The world is embracing their desire to consume the traditional, new, and/or unusual culinary heritage. As the travel industry is on a reset due to the COVID-19 pandemic Miriro Matema explores the role hotels can play in encouraging food tourism in the future.
Food. Glorious food! Let’s face it, culinary tourism is not hindered by the natural attributes of a destination like the city, the beach or the safari. Over the years, there has been a significant rise in the number of tourists travelling to discover new and unique cuisines.
Culinary tourism plays an important role in the traveller’s journey. It shapes their decision-making, dining choices, and holiday destinations. Food Travel Research by the World Food Travel Association (WFTA), shows that 93% of travellers can now be considered food travellers. By “food travellers”, WFTA “means travellers who participated in a food or beverage experience other than dining out, at some time in the past 12 months”.
Thinking of visiting Nigeria – try the Jollof rice. Uganda perhaps? The Rolex is a must! How about Tunisia? The markets offer the best Kosksi in the region. Travellers are driven to indulge in local cuisine, often returning to familiar places to enjoy tried and tested recipes. Food has an even greater impact when shared in a social setting such as food festivals, markets and even exclusive culinary experiences with a hotel’s head chef.
THREE WAYS HOTELS CAN PLAY A ROLE IN CULINARY TOURISM
Travellers are more than just data. Each one is unique and their uniqueness is why they search out local, fresh and good quality cuisine that reflects the authenticity of the destination. Offer guests an introduction to local cuisine through fun and exclusive culinary experience. Offering numerous food experiences in and outside your hotel will help you attract and connect with the food focused traveller.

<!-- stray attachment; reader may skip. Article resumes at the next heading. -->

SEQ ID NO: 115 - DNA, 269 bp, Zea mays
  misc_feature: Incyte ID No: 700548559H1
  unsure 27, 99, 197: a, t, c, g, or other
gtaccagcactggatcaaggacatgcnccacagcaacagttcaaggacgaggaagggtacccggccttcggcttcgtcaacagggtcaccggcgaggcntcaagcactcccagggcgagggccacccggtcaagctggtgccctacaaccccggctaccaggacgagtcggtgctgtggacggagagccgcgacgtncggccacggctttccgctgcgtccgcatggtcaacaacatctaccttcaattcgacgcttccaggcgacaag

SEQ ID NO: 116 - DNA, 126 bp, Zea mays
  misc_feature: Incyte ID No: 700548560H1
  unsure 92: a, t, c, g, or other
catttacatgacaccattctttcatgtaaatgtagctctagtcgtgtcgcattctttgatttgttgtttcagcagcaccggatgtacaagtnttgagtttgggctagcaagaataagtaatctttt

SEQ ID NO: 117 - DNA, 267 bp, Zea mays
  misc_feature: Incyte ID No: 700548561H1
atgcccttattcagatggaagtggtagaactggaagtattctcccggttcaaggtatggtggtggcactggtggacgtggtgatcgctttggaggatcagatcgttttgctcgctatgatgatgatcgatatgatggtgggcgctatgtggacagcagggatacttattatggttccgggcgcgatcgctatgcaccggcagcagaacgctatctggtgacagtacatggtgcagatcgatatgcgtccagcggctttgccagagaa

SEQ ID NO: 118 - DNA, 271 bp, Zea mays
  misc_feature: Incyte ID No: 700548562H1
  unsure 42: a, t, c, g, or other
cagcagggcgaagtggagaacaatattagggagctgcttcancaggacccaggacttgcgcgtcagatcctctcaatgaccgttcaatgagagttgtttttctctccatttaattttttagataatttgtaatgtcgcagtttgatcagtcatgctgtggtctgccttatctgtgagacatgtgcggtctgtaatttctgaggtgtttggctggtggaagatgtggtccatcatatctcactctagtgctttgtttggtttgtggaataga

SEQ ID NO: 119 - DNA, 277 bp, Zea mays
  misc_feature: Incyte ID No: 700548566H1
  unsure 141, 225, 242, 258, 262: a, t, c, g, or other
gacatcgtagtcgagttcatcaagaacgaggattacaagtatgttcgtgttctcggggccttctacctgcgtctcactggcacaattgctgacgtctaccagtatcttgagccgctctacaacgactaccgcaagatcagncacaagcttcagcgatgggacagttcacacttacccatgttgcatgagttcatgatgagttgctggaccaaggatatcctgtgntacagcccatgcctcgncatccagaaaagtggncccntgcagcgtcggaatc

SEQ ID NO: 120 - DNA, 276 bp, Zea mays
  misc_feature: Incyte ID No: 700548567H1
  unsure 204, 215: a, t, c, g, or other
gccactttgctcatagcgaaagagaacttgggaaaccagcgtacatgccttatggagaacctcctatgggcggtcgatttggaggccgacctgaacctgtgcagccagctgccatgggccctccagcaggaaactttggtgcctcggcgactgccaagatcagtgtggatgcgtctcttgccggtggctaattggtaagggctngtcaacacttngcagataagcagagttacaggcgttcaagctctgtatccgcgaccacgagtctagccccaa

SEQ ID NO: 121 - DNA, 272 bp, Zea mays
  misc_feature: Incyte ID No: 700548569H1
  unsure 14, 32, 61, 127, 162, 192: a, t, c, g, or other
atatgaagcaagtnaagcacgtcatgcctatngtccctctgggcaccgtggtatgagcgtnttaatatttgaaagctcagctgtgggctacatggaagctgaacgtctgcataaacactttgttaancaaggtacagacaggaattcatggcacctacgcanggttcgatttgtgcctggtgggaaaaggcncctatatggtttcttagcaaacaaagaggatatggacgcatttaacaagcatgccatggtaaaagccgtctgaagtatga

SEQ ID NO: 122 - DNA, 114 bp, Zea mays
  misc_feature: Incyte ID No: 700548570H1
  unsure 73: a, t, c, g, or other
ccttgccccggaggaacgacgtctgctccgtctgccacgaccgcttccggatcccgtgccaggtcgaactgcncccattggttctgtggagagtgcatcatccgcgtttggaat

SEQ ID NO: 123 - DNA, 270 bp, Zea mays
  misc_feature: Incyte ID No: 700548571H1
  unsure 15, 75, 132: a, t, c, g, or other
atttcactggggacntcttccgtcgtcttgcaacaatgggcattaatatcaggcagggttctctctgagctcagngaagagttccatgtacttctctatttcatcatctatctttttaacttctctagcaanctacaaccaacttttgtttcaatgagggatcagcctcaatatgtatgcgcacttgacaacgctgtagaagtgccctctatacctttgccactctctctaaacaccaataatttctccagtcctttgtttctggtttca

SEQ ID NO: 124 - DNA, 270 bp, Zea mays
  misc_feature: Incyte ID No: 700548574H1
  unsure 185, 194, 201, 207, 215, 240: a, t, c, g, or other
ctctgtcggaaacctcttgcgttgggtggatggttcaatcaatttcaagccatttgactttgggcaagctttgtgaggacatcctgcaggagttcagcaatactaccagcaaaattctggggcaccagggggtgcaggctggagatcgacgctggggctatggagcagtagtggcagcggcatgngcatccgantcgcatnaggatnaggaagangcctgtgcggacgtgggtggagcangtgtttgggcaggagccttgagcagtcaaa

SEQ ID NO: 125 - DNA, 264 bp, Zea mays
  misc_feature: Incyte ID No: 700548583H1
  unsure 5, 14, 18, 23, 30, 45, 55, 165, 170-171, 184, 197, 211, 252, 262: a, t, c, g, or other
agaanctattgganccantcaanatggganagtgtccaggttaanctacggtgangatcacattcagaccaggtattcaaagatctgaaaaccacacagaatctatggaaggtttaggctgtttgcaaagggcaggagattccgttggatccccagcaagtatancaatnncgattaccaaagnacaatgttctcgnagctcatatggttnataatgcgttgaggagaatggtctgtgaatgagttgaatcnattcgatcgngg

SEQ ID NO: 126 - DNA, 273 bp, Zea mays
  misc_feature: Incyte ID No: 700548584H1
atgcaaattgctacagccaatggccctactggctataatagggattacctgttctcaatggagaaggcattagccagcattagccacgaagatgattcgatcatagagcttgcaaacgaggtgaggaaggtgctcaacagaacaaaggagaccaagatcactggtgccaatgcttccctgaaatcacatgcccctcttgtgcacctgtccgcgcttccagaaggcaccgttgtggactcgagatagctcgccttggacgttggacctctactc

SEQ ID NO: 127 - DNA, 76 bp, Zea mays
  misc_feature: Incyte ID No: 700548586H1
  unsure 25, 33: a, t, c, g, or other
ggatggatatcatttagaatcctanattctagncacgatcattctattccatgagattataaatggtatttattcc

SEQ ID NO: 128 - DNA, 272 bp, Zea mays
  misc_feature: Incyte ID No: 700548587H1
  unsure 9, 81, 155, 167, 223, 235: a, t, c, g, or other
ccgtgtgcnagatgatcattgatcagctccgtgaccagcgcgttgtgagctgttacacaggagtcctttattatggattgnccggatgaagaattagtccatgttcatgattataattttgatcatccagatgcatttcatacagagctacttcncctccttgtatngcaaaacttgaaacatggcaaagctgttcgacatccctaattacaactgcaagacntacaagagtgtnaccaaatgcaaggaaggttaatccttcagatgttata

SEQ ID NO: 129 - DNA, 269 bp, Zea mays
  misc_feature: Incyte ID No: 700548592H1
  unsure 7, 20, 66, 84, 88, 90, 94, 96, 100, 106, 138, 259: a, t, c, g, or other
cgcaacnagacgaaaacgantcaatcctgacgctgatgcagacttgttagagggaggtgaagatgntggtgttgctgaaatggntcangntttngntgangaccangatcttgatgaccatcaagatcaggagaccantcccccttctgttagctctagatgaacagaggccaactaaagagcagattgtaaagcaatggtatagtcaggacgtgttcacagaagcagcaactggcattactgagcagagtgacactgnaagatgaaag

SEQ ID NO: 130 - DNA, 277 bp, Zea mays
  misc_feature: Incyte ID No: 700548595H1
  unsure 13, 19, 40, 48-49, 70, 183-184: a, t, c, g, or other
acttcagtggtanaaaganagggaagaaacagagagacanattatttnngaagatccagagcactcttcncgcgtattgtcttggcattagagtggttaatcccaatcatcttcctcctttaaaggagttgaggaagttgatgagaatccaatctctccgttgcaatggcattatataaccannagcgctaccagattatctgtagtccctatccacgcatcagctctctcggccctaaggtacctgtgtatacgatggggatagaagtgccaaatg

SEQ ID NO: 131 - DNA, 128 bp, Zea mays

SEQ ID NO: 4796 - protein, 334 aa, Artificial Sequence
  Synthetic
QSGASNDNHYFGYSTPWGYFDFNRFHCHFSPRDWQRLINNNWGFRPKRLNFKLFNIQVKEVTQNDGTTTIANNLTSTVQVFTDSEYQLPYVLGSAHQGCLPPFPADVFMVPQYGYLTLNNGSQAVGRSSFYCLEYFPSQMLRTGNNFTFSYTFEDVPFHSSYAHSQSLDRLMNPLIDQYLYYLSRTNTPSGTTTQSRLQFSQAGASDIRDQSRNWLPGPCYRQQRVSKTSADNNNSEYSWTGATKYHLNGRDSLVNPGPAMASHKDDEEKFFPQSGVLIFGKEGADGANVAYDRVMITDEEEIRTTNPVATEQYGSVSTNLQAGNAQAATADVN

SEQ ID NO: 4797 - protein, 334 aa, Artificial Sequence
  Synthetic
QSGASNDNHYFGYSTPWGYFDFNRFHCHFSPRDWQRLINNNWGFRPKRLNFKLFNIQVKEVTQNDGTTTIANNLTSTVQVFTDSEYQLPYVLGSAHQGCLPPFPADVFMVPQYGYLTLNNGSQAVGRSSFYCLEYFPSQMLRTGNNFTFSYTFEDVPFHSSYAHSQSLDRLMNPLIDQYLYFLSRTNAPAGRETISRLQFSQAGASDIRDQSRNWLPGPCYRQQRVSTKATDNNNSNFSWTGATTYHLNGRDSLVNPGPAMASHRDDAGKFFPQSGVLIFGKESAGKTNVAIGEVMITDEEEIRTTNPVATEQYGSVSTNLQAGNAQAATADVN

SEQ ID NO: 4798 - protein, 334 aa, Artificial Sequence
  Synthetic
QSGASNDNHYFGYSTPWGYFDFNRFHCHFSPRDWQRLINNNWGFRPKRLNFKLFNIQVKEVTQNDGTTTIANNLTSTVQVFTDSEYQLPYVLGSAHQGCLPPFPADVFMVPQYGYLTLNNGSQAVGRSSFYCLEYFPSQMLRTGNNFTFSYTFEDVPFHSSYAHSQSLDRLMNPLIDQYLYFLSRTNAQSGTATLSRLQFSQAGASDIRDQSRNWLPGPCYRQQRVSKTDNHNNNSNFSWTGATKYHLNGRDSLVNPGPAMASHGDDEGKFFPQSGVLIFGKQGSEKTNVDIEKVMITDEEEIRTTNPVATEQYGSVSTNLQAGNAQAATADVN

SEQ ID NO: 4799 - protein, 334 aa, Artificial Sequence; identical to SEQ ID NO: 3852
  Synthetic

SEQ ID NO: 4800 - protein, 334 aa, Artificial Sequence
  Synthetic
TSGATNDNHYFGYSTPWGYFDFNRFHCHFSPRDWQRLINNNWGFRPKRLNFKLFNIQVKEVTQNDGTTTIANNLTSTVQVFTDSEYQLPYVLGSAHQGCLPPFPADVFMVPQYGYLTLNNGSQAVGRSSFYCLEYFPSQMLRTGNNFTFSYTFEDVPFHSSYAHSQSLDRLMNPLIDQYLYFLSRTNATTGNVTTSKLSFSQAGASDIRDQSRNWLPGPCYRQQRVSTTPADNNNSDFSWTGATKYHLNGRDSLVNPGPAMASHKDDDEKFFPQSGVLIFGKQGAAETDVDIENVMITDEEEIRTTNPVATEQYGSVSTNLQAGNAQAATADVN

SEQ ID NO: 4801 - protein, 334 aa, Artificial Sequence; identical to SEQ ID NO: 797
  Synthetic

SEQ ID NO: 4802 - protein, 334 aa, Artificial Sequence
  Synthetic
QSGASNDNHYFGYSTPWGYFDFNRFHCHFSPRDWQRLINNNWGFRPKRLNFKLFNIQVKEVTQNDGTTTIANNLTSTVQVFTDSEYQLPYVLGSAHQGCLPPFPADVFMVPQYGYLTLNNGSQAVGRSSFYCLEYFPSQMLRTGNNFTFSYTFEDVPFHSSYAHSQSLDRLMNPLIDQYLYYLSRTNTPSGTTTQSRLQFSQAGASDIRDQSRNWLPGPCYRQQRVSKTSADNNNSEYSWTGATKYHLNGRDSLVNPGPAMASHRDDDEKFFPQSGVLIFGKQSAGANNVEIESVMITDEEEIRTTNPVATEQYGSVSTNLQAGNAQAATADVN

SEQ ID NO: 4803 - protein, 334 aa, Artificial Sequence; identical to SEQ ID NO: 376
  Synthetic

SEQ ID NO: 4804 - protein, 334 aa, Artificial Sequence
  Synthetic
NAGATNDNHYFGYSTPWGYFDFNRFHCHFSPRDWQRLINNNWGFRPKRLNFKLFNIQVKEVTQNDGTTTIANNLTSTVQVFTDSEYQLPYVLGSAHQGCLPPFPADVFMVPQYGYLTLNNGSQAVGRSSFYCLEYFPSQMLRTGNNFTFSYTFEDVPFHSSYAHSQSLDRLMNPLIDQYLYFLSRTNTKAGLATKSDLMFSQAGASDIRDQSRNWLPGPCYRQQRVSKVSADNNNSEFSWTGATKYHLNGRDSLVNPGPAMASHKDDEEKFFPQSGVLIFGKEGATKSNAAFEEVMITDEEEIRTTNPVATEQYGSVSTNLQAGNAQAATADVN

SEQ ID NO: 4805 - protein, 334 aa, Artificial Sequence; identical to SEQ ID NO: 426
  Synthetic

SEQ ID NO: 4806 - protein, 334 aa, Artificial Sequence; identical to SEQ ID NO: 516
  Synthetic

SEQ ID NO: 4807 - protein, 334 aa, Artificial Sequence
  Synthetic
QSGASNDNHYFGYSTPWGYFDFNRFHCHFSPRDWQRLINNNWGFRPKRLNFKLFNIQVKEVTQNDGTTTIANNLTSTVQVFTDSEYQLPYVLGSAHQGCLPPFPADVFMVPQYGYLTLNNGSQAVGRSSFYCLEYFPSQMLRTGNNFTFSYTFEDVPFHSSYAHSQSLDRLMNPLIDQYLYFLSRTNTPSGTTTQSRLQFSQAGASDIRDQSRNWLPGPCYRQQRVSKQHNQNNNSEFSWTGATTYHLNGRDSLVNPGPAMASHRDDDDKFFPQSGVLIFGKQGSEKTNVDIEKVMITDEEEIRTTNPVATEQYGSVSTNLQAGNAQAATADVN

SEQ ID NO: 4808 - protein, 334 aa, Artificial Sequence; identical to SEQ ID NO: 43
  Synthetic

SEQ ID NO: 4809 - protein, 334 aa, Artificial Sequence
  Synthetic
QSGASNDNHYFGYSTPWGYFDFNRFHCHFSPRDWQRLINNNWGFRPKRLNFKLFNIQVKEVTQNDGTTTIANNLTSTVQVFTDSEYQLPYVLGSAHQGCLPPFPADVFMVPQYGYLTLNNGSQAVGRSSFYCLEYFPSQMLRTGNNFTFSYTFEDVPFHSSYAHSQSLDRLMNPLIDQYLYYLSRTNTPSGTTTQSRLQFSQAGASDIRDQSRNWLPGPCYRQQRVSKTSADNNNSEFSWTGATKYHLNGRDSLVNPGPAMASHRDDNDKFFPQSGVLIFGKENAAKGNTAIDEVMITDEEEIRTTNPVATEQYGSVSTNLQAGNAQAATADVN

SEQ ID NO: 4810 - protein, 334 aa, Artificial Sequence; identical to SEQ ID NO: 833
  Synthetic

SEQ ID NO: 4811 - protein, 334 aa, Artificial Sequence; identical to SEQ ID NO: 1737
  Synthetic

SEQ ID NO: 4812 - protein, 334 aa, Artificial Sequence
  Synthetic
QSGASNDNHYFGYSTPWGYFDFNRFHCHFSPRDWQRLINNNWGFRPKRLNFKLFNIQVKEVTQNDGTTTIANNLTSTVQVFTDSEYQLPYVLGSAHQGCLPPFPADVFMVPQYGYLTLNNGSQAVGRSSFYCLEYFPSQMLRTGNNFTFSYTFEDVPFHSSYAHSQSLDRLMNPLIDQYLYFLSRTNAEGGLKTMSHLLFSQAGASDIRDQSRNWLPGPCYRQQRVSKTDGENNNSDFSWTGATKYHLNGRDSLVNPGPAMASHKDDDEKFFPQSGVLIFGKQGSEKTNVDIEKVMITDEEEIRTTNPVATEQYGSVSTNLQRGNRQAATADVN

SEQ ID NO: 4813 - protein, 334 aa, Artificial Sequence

Summon the Delia Effect
Media has a huge influence in determining food product selection. The influence of celebrity chefs and social media influencers is often referred to as the ‘the Delia effect’ after the media chef Delia Smith. Her 1998 television programme ‘How to Cook’ resulted in over a million additional eggs being sold in Britain each day of the series. Collaborations with influential foodies will draw potential guests to the hotel and its immersive experiences.
Wellness is king
Travellers have a higher awareness of health issues and food purchase decisions. Some may go as far as consulting with experts about ‘food balance’ or ‘sensitivity to0 certain foods’. With specialist foods becoming more mainstream, hoteliers are bound to expect travellers asking for a little more attention to detail like soya and almond instead of normal dairy milk or detox shakes as part of the spa session. To succeed, hoteliers need to have ‘quick response’ systems in place to keep up with the growing desires.
When it’s all said and done, food is a means to create cultural capital. The more hoteliers place their culinary experiences and chefs who offer them as a point of difference – the better for the tourism industry.